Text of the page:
Prevalence of paternal depression in pregnancy and the postpartum: An updated meta-analysis

J Affect Disord. 2016 Dec;206:189-203. doi: 10.1016/j.jad.2016.07.044. Epub 2016 Jul 20.


Background: Research in paternal prenatal and postpartum depression has nearly doubled since prevalence rates were last meta-estimated in October 2009. An updated meta-analysis allows additional questions to be answered about moderators that influence risk.

Methods: Studies reporting paternal depression between the first trimester and one-year postpartum were obtained for the period from January 1980 to November 2015. In total 74 studies with 41,480 participants were included, and data was extracted independently by two authors. Moderator analyses included measurement method, timing of assessment, study location, publication year, age, education, parity, history of depression, and maternal depression.

Results: The meta-estimate for paternal depression was 8.4% (95% confidence interval [CI], 7.2-9.6%) with significant heterogeneity observed among prevalence rates. Prevalence significantly varied based on publication year, study location, measurement method, and maternal depression. Prevalence was not conditional on paternal age, education, parity, history of paternal depression, and timing of assessment.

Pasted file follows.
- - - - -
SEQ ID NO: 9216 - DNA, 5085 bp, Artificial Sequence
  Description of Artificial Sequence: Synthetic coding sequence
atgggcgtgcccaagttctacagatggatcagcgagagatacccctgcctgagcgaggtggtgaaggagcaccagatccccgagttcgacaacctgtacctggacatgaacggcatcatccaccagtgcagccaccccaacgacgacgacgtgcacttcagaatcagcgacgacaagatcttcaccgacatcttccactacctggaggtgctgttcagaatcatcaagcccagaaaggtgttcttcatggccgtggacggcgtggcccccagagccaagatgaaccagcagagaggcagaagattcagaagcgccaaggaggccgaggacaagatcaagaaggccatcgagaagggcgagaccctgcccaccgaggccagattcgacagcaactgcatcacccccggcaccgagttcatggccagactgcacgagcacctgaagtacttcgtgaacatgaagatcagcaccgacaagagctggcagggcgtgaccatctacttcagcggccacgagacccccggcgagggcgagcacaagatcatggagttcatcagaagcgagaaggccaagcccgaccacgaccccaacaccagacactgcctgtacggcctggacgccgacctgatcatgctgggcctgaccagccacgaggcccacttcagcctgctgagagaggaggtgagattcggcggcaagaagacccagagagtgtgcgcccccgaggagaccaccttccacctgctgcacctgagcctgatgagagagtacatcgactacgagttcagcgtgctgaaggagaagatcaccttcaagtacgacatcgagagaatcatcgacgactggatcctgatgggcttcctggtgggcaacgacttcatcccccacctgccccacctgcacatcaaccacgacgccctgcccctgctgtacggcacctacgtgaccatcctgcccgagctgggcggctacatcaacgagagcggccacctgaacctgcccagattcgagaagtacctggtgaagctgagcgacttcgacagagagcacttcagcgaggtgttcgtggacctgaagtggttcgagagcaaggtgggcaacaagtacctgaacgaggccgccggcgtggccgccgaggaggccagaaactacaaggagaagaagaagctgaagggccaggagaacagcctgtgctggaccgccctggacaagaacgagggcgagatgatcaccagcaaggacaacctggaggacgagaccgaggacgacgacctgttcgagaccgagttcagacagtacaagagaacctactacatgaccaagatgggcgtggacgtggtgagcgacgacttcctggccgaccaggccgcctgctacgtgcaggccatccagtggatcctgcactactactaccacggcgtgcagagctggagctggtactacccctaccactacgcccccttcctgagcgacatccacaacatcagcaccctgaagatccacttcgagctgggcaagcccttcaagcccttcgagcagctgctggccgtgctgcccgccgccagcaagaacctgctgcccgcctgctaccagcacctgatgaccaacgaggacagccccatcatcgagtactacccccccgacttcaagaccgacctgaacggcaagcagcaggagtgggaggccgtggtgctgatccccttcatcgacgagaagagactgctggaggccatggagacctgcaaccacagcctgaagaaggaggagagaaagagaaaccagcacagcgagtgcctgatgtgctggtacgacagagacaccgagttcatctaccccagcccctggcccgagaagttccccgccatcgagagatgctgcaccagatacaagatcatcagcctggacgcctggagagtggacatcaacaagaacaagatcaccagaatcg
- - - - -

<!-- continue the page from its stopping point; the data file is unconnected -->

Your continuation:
Limitations: Analyses were limited by variability in assessment measures, countries from which studies were available, extant data for the first trimester and 6- to 9-month postpartum, and method of reporting sociodemographic information.

Conclusions: Paternal depression was present in 8% of men in the included studies. Future screening policies and interventions should consider moderating risk factors for depression throughout the transition to parenthood.

Keywords: Depression; Paternal; Postpartum; Pregnancy; Prevalence.

Publication types

  • Meta-Analysis
  • Review

MeSH terms

  • Adult
  • Depression / epidemiology*
  • Fathers / psychology*
  • Female
  • Humans
  • Postpartum Period / psychology*
  • Pregnancy
  • Prevalence
  • Risk Factors